One day this summer, sitting in a blank white apartment that was not mine, I felt a strange weariness. This apartment was full of more books than I will probably ever read and I had fellowships to apply to and emails to write and the whole Internet in front of me and all of New York City clamoring outside.
There is always an interesting tone to the buzz around the release of a new Wes Anderson film. People wonder if the new film will stick closely to Anderson’s unique style in order to satisfy his cult following or if it will lean more toward the mainstream in an effort to garner more fans and more box office success. These are valid questions and concerns.
Every year I try to watch the films nominated for the Best Picture award at the Oscars. Last week, I saw one of these, Philomena, starring Judy Dench and Steve Coogan and directed by Stephen Frears. The film is about Philomena Lee (Dench), an old Irish woman who is searching for the son that the Catholic Church forced her to give into adoption fifty years prior.
Steve McQueen’s 12 Years a Slave is tense and unflinching. Its relentless intensity and graphic brutality has been the defining feature in the media, but it is also an essential part of the film and the primary reason it could become the most important portrait of American slavery yet on camera.
When I was young my mother would take me to the local theater for the free weekly movie. I watched everything they showed, sobbing through Peter Pan, laughing through Shrek 2, openly weeping at the death of Mufasa. It was my mom’s love of cinematic tales that really sparked my interest in film.
Blue Valentine writer and director Derek Cianfrance’s latest film The Place Beyond the Pines is, if anything, a study in what Robert Penn Warren, legendary 1940s author of All the King’s Men, calls “the awful responsibility of Time.” We begin with Ryan Gosling’s character Luke Glanton, a reckless circus-performing motorcyclist. Seemingly out of nowhere, Luke has great responsibility thrust upon him when an old flame from an upstate New York carnival stop steps back into his life with his infant son.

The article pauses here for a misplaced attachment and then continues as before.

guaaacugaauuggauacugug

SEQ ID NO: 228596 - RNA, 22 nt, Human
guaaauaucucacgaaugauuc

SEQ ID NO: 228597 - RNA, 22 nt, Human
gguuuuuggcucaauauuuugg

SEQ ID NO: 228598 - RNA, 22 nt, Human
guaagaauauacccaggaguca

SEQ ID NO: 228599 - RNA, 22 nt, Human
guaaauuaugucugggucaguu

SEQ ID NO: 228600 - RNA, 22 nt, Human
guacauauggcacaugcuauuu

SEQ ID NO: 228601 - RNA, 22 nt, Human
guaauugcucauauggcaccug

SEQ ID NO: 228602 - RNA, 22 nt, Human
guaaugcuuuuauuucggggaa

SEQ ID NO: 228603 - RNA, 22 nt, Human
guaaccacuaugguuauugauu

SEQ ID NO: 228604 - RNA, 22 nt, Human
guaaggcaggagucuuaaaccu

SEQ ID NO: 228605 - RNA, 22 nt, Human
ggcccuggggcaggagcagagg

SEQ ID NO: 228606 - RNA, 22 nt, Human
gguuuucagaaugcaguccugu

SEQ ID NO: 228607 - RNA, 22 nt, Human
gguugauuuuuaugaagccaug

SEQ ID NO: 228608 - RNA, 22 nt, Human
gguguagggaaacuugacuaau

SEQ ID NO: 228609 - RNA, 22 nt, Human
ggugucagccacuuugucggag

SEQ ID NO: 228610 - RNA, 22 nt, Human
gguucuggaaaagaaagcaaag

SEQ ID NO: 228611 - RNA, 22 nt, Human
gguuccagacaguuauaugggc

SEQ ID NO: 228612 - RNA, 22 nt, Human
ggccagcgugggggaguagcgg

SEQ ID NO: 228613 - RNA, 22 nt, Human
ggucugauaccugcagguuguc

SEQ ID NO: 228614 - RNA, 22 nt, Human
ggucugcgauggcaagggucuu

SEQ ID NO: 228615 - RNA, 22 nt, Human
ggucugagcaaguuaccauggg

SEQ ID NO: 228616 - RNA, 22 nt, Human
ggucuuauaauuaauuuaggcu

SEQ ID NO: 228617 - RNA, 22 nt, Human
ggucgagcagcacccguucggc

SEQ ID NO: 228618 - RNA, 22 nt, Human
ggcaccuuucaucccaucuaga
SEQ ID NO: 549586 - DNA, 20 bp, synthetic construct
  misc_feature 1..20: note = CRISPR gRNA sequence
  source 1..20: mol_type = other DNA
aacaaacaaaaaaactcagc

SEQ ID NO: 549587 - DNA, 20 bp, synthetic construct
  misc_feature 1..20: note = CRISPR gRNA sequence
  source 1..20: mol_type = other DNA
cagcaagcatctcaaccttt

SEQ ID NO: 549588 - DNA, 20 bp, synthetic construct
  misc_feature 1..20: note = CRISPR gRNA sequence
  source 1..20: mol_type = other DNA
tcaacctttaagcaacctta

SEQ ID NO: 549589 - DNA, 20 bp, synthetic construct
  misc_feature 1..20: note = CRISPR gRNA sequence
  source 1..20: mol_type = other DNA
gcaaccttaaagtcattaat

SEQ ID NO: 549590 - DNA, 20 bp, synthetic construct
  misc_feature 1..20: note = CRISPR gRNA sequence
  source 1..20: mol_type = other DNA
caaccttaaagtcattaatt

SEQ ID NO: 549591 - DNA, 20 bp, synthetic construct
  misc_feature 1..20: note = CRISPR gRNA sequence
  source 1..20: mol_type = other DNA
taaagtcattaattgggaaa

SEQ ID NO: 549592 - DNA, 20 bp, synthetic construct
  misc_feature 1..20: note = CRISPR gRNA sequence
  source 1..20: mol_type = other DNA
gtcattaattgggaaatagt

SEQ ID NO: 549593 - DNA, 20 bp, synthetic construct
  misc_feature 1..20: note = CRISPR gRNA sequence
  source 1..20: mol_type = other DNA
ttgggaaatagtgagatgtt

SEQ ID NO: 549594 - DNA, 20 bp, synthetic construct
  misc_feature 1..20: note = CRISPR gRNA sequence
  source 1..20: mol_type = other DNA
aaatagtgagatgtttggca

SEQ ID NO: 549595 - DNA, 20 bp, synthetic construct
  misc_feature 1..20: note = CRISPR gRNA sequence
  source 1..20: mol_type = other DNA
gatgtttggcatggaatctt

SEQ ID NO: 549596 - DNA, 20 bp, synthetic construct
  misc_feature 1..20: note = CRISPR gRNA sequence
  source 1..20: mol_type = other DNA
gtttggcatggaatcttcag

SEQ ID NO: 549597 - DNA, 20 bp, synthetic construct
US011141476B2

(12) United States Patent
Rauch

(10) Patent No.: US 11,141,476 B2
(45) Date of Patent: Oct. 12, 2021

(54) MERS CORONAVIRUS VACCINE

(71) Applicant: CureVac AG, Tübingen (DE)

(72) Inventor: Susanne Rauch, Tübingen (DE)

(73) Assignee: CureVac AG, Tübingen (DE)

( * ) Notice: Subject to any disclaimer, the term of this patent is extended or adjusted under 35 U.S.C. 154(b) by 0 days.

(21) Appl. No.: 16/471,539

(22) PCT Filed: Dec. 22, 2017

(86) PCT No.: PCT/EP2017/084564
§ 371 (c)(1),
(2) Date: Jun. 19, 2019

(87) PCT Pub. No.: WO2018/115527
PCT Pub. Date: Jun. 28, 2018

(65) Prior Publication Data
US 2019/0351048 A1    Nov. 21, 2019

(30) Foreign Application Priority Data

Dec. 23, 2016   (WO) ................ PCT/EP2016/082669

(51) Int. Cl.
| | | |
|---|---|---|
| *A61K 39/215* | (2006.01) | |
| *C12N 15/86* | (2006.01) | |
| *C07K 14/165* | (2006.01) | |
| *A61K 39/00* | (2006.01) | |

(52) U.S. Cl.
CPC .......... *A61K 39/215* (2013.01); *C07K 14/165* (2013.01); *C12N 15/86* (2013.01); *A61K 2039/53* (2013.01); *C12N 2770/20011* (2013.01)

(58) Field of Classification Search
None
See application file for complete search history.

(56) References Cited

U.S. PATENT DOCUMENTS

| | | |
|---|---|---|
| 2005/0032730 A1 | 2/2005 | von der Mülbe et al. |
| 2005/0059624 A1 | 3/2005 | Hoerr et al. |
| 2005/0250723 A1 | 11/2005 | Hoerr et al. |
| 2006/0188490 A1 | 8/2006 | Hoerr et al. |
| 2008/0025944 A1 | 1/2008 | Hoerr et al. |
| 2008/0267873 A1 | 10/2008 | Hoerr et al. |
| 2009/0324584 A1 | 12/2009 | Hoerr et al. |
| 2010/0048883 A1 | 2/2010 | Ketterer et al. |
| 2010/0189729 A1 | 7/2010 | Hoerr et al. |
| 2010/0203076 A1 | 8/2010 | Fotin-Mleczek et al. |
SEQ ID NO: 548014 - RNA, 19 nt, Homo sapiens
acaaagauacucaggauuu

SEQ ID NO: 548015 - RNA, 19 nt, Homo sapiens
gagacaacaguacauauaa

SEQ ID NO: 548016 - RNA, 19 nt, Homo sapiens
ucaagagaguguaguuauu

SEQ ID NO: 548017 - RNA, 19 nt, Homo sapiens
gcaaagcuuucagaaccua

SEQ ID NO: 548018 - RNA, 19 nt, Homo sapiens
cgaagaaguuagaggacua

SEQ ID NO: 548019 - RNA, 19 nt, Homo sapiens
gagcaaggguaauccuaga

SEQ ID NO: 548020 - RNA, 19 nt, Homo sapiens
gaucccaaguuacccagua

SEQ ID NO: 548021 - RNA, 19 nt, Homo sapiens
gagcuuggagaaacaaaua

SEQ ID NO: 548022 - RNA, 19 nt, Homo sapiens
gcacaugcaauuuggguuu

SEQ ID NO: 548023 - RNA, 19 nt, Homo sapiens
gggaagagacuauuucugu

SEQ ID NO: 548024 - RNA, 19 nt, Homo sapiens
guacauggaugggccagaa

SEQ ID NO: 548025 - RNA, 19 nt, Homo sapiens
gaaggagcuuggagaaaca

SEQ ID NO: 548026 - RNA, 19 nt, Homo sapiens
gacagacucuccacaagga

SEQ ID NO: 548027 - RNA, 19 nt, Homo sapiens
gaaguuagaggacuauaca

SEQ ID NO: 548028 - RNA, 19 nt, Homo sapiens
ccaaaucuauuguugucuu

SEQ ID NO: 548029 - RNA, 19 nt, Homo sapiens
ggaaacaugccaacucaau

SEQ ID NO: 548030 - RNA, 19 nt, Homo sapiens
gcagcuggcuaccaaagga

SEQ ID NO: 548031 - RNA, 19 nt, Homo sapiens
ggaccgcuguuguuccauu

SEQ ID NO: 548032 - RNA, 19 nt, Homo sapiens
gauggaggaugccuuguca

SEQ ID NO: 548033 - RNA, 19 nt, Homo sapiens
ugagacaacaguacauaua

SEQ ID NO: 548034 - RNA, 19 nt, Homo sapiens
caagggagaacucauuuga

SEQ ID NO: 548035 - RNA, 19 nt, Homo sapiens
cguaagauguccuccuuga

I had already seen the movie in theaters three times. Enjoyment is one word, obsession is another. The first three times, this film had sent me into hysterics, including, but not limited to impassioned weeping, strings of incoherent syllables, and frenzied gesticulation at the screen. In each of my three previous viewings, the usual suspects (“I Dreamed a Dream,” Fantine’s passing, “When Tomorrow Comes”) were to blame, but during this latest screening at the Garden Theater, the floodgates held fast against their onslaught
Spring Breakers arrived in theaters last Friday only to confuse audiences around the country. The film begins practically pornographically, bare breasts splashed with beer and tan rears occupying the entire movie screen, accompanied by the aggressive sounds of Skrillex. It then flashes forward to the mundane and fictitious Kentucky College where four girls find they don’t have enough money to fund a spring break getaway to Florida.
As the recent New York Magazine article, “Why Do Women hate Anne Hathaway (But Love Jennifer Lawrence)?” thoughtfully explores, Anne Hathaway bugs people. Unlike the magnetic Jennifer Lawrence, Hathaway has always had trouble garnering public affection. For the most part, I try to stay away from the popular sport of celebrity hating that this article examines.